It is always risky to make your New Years resolutions public, but this is one I’ve been thinking about for a while now, and so I’m going to go ahead and impose a measure of accountability on myself by proclaiming this publicly. This week, I’m starting a series of educational blog posts here, and as a part of my Runestone Interactive publishing project.
My idea is to publish a series of Python programming projects, aimed at solving everyday problems, or puzzles. Hopefully these little projects will be interesting and will give learners motivation to dig into the details of the solutions. I will provide links to the relevant Python programming constructs and data types in either of the two interactive books (How to think like a computer scientist: Interactive Edition , or Problem Solving with Algorithms and Data Structures using Python) This will let me focus on the problems, and not the minutia of the language. Lets face it, reading about all the different possible string methods is not that exciting, but seeing them in action, and then wondering about what else you might be able to do with strings is OK.
The great thing about Python is that if you write things in a straightforward manner its pretty easy to follow even if you don’t know all the details. So, that is my intention. Write a solution and do it in straightforward Python that beginners can understand. Each project will appear over several days, and will likely include some homework related to the project. I’ll provide the solution in a followup post. In addition, I may refine the solution over the course of several days introducing more and interesting solutions or more advanced features of the Python language.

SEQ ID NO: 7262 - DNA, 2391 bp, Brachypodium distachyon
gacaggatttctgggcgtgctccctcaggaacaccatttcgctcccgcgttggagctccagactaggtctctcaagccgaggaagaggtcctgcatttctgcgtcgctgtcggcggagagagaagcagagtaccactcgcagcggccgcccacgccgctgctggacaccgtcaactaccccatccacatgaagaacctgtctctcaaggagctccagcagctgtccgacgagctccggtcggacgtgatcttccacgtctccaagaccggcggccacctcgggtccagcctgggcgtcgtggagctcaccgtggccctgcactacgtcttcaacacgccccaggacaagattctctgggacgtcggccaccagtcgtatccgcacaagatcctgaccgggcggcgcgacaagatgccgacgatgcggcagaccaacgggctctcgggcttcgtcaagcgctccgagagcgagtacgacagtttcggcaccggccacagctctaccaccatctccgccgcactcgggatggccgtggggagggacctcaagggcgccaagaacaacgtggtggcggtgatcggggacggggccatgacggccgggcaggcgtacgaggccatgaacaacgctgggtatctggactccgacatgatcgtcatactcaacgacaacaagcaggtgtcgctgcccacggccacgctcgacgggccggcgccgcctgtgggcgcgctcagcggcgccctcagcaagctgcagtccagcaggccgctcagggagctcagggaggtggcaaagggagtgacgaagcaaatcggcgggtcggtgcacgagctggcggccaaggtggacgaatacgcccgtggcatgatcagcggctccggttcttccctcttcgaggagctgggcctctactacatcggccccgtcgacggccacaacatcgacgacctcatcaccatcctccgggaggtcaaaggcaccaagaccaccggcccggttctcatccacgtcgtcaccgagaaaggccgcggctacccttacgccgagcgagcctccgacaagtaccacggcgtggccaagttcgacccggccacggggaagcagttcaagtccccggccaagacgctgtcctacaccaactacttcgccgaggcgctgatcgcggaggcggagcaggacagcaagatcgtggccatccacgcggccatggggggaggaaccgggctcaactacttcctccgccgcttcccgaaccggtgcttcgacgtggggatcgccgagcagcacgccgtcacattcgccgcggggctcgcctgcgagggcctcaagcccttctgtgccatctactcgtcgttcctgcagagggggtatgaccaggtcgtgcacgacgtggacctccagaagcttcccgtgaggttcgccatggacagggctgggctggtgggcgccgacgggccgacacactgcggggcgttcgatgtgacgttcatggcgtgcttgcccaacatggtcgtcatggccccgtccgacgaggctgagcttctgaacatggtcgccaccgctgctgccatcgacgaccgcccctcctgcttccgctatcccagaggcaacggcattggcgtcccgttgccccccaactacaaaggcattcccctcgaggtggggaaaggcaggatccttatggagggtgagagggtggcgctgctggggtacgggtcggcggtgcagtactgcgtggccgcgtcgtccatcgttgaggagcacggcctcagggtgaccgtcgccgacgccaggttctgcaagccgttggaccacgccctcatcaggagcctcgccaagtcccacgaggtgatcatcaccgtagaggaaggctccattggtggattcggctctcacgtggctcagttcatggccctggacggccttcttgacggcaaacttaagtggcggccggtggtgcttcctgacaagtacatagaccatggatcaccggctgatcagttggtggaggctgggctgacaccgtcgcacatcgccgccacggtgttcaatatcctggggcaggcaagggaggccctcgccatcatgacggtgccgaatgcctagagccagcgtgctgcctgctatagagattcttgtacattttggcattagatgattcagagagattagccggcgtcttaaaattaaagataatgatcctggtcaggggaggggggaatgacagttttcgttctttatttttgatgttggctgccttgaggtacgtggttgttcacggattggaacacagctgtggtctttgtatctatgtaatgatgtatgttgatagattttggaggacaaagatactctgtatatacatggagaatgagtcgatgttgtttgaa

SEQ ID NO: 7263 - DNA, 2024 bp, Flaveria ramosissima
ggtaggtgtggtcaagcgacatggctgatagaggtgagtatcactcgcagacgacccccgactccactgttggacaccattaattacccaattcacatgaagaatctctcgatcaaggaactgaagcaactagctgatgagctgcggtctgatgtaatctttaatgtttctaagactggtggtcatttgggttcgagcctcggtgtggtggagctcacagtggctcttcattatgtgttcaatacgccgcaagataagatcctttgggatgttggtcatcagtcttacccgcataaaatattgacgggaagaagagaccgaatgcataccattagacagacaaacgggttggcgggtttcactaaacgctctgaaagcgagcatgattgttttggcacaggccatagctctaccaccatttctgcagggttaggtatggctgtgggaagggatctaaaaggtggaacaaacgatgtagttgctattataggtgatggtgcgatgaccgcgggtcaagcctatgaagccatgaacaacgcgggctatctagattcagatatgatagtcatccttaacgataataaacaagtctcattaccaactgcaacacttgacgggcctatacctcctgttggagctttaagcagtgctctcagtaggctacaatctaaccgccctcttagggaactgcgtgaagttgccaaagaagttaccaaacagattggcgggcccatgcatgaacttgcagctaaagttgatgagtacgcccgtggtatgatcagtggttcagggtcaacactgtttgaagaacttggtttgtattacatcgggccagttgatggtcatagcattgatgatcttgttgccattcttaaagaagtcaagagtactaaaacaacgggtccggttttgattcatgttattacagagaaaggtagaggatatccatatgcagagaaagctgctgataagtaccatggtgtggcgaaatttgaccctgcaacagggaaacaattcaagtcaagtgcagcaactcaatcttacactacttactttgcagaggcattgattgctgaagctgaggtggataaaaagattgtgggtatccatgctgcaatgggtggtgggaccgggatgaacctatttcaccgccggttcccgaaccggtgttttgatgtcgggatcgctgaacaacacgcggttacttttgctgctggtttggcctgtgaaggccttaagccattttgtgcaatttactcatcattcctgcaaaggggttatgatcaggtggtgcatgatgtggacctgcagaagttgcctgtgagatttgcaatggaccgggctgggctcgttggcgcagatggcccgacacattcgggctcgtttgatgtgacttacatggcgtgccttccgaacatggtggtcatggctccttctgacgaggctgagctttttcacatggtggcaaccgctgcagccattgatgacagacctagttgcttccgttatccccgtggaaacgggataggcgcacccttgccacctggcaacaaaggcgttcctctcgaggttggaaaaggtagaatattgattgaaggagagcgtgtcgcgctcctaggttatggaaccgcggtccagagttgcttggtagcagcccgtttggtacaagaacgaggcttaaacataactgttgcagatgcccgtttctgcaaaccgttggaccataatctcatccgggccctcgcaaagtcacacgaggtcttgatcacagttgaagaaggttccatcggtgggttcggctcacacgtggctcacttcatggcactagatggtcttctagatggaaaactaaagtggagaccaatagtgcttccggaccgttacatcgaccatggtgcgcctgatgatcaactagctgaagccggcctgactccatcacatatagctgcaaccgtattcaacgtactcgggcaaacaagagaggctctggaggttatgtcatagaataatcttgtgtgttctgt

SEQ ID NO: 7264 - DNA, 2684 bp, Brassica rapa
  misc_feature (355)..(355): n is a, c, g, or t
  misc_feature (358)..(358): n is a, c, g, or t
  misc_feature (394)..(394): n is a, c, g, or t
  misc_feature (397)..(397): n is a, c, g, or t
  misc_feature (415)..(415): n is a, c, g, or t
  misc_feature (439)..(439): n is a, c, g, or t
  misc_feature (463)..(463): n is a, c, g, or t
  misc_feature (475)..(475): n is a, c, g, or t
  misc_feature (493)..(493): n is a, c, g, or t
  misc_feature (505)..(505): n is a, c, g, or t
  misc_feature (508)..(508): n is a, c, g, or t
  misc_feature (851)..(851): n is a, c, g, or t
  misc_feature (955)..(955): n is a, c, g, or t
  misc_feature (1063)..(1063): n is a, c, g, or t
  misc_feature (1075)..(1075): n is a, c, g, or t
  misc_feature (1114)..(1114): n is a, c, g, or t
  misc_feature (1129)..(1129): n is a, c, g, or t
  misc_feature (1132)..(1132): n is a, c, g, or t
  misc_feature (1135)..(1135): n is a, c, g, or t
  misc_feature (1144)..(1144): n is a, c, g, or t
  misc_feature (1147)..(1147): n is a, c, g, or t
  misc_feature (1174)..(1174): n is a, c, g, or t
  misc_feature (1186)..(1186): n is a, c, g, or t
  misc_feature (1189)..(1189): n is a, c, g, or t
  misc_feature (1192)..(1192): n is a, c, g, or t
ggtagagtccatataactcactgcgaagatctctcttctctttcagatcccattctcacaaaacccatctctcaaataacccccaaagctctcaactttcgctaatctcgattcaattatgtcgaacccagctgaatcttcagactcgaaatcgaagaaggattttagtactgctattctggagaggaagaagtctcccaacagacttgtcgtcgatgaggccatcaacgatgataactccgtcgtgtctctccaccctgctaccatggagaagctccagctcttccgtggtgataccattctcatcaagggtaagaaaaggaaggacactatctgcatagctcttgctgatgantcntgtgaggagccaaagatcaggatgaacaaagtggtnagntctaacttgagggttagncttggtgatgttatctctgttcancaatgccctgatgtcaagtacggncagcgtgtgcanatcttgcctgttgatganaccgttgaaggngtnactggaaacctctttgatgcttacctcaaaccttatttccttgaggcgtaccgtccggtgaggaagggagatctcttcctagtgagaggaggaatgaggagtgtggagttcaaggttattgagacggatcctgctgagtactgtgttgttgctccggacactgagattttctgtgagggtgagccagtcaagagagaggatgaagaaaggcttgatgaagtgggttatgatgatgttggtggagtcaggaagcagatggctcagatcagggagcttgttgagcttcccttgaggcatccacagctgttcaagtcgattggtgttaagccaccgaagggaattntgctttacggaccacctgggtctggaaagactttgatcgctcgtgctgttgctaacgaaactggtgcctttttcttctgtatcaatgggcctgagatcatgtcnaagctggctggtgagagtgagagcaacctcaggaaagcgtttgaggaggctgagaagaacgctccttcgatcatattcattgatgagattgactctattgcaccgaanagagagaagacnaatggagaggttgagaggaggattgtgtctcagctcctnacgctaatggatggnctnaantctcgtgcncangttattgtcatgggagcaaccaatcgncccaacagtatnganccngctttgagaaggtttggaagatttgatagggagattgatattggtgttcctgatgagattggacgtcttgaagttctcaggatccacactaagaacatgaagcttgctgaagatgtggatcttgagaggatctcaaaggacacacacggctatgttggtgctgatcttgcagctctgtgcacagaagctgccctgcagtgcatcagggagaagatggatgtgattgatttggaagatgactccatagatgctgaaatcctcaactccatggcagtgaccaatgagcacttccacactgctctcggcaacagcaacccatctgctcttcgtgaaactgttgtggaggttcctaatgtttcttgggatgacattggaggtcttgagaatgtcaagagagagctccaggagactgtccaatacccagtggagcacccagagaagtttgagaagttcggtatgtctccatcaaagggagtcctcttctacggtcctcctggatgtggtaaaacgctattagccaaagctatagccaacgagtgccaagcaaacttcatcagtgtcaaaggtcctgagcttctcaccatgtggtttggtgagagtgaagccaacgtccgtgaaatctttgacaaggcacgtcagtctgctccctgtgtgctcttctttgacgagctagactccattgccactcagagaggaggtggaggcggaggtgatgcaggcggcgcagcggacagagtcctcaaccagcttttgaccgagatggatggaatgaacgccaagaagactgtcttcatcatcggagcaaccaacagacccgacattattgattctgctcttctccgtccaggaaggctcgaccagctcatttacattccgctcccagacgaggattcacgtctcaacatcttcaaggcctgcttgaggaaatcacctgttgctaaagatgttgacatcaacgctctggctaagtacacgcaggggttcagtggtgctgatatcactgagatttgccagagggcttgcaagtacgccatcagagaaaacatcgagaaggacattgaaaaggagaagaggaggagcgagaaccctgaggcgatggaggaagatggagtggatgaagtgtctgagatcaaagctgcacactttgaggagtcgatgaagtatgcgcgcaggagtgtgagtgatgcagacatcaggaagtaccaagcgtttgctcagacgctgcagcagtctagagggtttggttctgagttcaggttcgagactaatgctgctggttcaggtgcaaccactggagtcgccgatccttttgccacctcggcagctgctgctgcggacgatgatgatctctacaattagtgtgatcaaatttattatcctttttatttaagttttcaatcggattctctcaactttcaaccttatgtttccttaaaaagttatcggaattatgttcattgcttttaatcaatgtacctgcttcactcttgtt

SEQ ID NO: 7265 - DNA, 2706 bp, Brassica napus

In the back of my mind I am drawing inspiration from the old Communications of the ACM column by John Bently called Programming Pearls In John’s columns he would feature a particular problem or algorithm, and present it in a straight forward way, but then he would refine that solution again and again polishing it until he had an incredibly elegant solution. It was beautiful because even a novice programmer could understand what was going on at the start of the article, but would get sucked in to the beautiful solution and would learn more than they thought possible. While advanced programmers might chuckle at the initial solutions, even they would have to admit that they learned something by the end of each column.
I already have a few ideas in mind for the first few projects. I’m going to try to start fairly easy with some string and list kind of projects, and work my way up to more complex problems and algorithms, again this is meant to be educational so that in theory a beginner might read through these posts more or less chronologically, and learn some computer science along the way.
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